A new e-mail etiquette?

This content is 14 years old. I don't routinely update old blog posts as they are only intended to represent a view at a particular point in time. Please be warned that the information here may be out of date.

I’ve just got off a late night train home from London where I spotted someone’s discarded Evening Standard, featuring an interesting article by Philip Delves Broughton, examining how the way in which we deal with e-mail reveals our professional characters. The full article makes for interesting reading but I thought I’d quote from the side-panel on the new e-mail etiquette here:

  • After the initial sales pitch, follow up by e-mail and phone.
  • Beyond that, pestering will make you seem needy.
  • Should you be looking for a job and get no response, reframe the pitch with something that will entice your potential employer – a fact about their competitor, an article of interest. Banging on about yourself is bad form.
  • A voicemail not answered is better than an e-mail ignored.
  • If you are swamped with e-mails, and don’t want to appear rude, consider an e-mail template that says no nicely.
  • However, do not resort to the standard, unhelpful Out Of Office Reply. It effectively says, I’m not here so your problems can go to hell.

Archive Google Mail to a Mac using getmail

This content is 15 years old. I don't routinely update old blog posts as they are only intended to represent a view at a particular point in time. Please be warned that the information here may be out of date.

Late last year I questioned the wisdom of trusting critical data to the cloud and cited Google Mail as an example. Whilst the Google Mail service is generally reliable, there have been some well-publicised instances of failure (including data loss). I shouldn’t be too alarmed by that – for many things in life you get what you pay for and I pay Google precisely nothing (although they do get to build up a pretty good profile of my interests against which to target advertising…). So, dusting off the motto from my Scouting days (“Be Prepared”), I set about creating a regular backup of my Google Apps mail – just in case it ever ceased to exist!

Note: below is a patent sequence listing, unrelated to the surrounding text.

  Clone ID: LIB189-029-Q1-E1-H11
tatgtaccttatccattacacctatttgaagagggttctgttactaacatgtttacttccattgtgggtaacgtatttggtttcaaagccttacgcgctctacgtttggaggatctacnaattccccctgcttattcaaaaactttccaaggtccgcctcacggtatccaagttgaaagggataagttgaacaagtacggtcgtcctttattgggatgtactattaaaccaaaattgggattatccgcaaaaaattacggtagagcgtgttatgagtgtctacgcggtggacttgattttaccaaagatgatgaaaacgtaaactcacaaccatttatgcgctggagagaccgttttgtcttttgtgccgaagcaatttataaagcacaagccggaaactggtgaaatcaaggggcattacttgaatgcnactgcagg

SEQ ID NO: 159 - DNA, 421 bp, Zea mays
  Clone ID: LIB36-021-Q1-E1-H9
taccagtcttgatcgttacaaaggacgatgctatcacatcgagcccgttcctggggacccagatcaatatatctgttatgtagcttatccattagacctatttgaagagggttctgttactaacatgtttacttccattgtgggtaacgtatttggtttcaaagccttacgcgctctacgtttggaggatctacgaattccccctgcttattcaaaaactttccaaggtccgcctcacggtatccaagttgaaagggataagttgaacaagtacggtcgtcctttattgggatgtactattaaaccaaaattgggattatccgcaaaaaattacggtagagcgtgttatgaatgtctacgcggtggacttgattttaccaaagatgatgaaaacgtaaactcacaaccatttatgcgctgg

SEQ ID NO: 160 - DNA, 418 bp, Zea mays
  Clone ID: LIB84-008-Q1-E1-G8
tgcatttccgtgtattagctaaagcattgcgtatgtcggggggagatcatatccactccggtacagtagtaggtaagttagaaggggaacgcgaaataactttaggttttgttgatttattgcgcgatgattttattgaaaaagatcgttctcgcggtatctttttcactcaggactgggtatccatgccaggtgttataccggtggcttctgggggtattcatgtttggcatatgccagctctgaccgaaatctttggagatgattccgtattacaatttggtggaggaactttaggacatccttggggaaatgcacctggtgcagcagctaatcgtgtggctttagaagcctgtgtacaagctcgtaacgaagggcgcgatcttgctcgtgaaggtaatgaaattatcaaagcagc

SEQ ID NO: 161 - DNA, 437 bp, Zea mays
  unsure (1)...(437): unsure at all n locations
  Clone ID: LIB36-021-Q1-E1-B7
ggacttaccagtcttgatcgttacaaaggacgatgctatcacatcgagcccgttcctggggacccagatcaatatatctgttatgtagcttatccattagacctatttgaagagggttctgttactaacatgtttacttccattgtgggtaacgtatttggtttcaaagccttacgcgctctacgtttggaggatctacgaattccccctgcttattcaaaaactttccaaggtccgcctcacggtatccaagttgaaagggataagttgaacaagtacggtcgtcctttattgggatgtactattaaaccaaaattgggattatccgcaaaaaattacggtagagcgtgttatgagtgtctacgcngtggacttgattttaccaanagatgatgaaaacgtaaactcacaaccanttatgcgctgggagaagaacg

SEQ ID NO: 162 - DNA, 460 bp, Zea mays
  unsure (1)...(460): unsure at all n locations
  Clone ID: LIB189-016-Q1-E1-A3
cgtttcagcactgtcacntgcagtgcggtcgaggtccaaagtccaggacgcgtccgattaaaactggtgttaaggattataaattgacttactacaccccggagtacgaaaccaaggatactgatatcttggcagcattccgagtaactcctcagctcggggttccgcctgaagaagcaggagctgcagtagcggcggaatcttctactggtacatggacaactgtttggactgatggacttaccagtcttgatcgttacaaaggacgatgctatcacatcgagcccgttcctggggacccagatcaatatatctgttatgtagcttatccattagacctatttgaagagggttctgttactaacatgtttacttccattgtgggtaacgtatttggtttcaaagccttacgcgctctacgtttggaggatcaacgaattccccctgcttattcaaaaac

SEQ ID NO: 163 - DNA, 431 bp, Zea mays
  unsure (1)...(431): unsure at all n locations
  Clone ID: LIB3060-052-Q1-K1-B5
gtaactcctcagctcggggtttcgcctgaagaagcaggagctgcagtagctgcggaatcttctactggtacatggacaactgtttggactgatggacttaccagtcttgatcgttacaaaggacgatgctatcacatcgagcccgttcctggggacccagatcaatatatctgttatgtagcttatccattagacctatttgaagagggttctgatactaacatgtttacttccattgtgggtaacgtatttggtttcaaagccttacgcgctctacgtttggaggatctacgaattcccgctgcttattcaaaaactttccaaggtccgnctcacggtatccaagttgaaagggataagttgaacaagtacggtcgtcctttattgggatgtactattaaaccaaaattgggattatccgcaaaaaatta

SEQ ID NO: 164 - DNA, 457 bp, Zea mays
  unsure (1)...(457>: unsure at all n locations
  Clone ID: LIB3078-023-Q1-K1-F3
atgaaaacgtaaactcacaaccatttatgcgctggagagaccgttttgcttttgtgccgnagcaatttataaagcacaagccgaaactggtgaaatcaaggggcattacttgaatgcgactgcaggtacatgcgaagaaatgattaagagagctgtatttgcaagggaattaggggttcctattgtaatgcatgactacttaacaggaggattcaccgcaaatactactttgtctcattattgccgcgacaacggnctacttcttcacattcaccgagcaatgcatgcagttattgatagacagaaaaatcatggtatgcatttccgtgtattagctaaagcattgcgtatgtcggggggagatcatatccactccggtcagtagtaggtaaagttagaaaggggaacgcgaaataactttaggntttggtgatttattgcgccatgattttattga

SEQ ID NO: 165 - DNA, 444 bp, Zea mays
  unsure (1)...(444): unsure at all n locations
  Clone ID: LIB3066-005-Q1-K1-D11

I already use the Apple Mail application (mail.app) for IMAP access but I have some concerns about mail.app – it’s failed to send messages (and not stored a draft either) on at least two occasions and basically I don’t trust it! But using Mac OS X (derived from BSD Unix) means that I also have access to various Unix tools (e.g. getmail) and that means I can take a copy of my Google Mail and store it in maildir or mbox format for later retrieval, on a schedule that I set.

The first step is to install some Unix tools on the Mac. I chose DarwinPorts (also known as MacPorts). After running the 1.7.0 installer, I fired up a terminal and entered the following commands:

su - Administrator
cd /opt/local/bin
sudo ./port -d selfupdate

This told me that my installation of MacPorts was already current, so set about installing the getmail port:

sudo ./port install getmail

The beauty of this process is that it also installed all the prerequisite packages (expat, gperf, libiconv, ncursesw, ncurses, gettext and python25). Having installed getmail, I followed George Donnelly’s advice to create a hidden folder for getmail scripts and a maildir folder for my GmailArchive – both inside my home directory:

mkdir ~/.getmail
mkdir ~/GmailArchive/ ~/GmailArchive/new ~/GmailArchive/tmp ~/GmailArchive/cur

I then created and edited a getmail configuration file at ~/.getmail/getmailrc.mygmailaccount) and entering the following settings:

type = SimpleIMAPSSLRetriever
server = imap.gmail.com
username = googleaccountname
password = googleaccountpassword